Hollywood actor Jason Momoa is taking his role as Aquaman, protector of the deep oceans, off the screen. Attending a UN conference in Portugal, Momoa was appointed the new UN Environment Program advocate for Life Below Water – an honorary position to acknowledge his work to help protect marine life.
Attended by governments, civil society and businesses, the UN Ocean Conference seeks to make progress on solutions to ensure better management and conservation of the ocean and its resources. The conference stresses the need for scientific knowledge to build ocean resilience and will finish with a negotiated political declaration.
The Aquaman actor, a Hawaii native, with Polynesian roots said he was humbled by his designation and expressed hope to protect and conserve the ocean “for our generation and the generations to come.” This isn’t just about his work on Aquaman — Momoa has already worked on other conservation efforts in the past, such as Sustainable Coastlines Hawaii and rePurpose Global, a movement to eliminate plastics.
“The ocean needs us. Without a healthy ocean life, our planet as we know it would not exist,” Momoa said. “We must seek to right the wrongs we have done against our children and grandchildren, turn the tide on our irresponsible stewardship and build a moment for a future where humanity can once again live in harmony with nature.”
Working to protect the oceans
Momoa highlighted how growing up in one of the world’s most beautiful archipelagos made him appreciate the ocean and nature. He described the ocean as “an ancient teacher, a guide and a muse” and said that while acting is his career ocean protection has been his passion since he was young.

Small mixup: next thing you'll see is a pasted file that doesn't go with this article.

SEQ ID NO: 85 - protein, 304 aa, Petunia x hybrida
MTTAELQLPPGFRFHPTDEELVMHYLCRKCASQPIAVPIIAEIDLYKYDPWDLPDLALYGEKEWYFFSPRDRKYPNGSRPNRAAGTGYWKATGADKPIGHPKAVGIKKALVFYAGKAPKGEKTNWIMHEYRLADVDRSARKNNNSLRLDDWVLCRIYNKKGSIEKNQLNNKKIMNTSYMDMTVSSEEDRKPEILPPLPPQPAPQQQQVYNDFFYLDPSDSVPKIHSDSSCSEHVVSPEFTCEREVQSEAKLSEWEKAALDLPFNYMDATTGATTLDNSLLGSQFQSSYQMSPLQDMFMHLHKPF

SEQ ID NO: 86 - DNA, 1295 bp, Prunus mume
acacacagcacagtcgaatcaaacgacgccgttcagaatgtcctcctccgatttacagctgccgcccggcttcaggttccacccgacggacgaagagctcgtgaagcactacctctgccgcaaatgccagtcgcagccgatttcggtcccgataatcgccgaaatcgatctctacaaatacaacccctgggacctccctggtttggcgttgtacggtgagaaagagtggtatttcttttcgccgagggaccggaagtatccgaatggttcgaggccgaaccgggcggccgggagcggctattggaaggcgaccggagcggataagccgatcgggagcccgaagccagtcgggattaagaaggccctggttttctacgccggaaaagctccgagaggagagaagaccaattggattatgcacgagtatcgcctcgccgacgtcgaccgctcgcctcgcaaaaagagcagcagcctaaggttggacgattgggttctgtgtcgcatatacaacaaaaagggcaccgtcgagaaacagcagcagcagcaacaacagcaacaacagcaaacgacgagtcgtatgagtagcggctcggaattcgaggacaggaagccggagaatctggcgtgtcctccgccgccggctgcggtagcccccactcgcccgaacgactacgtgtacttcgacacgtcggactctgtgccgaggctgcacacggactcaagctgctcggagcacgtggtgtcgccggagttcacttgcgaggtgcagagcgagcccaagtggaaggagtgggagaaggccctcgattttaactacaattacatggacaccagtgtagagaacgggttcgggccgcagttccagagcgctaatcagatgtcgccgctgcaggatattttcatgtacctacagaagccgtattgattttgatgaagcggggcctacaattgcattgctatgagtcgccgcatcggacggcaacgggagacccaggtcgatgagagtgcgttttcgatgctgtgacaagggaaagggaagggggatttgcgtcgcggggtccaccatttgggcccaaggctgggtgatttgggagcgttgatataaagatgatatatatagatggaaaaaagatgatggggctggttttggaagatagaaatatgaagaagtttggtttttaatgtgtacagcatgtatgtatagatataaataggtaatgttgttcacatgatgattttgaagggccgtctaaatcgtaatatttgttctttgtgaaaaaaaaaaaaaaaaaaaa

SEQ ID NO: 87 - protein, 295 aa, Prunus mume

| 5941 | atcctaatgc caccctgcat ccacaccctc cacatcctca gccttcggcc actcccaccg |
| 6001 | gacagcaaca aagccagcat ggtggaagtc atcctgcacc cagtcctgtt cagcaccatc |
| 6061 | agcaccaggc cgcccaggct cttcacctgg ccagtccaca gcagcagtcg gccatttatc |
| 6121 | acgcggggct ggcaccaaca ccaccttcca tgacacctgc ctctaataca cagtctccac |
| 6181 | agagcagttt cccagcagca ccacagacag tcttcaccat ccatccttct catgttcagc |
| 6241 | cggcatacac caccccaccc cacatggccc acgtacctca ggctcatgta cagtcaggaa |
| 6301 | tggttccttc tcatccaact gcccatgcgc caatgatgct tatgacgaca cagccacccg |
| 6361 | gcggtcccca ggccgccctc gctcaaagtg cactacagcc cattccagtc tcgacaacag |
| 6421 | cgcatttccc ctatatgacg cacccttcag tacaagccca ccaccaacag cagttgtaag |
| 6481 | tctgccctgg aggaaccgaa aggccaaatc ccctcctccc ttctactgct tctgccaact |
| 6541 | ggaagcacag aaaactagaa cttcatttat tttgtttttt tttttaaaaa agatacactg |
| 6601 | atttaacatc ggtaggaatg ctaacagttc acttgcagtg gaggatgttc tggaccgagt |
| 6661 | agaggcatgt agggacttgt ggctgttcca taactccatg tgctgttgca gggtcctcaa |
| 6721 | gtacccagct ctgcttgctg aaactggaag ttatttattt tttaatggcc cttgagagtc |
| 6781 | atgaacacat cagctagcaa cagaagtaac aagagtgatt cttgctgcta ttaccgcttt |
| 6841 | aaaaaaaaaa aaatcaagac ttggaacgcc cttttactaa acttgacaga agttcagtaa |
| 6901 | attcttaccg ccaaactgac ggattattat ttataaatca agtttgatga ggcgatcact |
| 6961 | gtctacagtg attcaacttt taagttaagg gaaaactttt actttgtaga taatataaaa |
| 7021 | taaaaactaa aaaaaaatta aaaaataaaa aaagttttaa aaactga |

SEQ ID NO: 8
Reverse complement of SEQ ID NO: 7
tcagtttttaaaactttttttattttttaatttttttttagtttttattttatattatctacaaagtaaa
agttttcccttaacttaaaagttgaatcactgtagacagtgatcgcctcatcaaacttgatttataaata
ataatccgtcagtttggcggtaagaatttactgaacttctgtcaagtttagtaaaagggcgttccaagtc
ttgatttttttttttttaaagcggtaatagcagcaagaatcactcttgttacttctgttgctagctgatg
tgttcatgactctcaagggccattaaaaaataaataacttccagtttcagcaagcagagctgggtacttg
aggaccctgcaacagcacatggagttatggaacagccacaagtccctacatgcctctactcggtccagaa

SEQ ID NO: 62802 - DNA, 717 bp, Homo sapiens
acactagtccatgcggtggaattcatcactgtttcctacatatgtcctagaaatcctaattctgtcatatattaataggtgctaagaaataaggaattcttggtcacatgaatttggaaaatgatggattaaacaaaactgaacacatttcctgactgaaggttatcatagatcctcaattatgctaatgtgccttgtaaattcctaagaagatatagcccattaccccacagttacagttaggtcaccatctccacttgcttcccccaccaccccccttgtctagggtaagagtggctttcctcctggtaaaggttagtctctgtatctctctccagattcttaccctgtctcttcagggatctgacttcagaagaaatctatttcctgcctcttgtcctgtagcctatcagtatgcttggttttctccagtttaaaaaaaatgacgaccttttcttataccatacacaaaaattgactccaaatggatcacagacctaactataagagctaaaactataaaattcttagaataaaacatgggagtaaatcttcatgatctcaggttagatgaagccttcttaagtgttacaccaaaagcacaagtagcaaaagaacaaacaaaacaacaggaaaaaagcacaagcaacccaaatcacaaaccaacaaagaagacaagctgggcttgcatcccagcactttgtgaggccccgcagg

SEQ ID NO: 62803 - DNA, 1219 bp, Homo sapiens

While most of us know him for his role in Aquaman, Momoa actually has an extensive background in protecting the oceans off-screen. He studied marine biology in Iowa and then transferred to Colorado State University and continued in wildlife biology. He’s an avid lover of the outdoors, frequently posting photos of himself and his family in nature.
Youth activists from various countries cheered as Momoa arrived at a beach in Lisbon with a boat, where he received a “nature baton” that represented his new designation. He was received by UN Secretary-General Antonio Guterres and UN Special Envoy for the Ocean Peter Thomson, who spoke with Mamoa and the activists on the beach.
“Jason has a strong track record of advocating for ocean issues, from reducing single-use plastic pollution to protecting coral reefs,” UNEP’s Executive Director, Inger Andersen, said. “With an audience of engaged fans, we believe that Jason can move ocean considerations into the hearts and minds of citizens and business leaders.”
The ocean covers 70% of the surface of the planet, generates about half of the world’s oxygen and absorbs 25% of all greenhouse gas emissions. However, climate change is increasing its temperature and causing sea levels to rise. This adds up with the growing problem of plastic waste, with eleven million metric tons of plastic ending up in the ocean every year.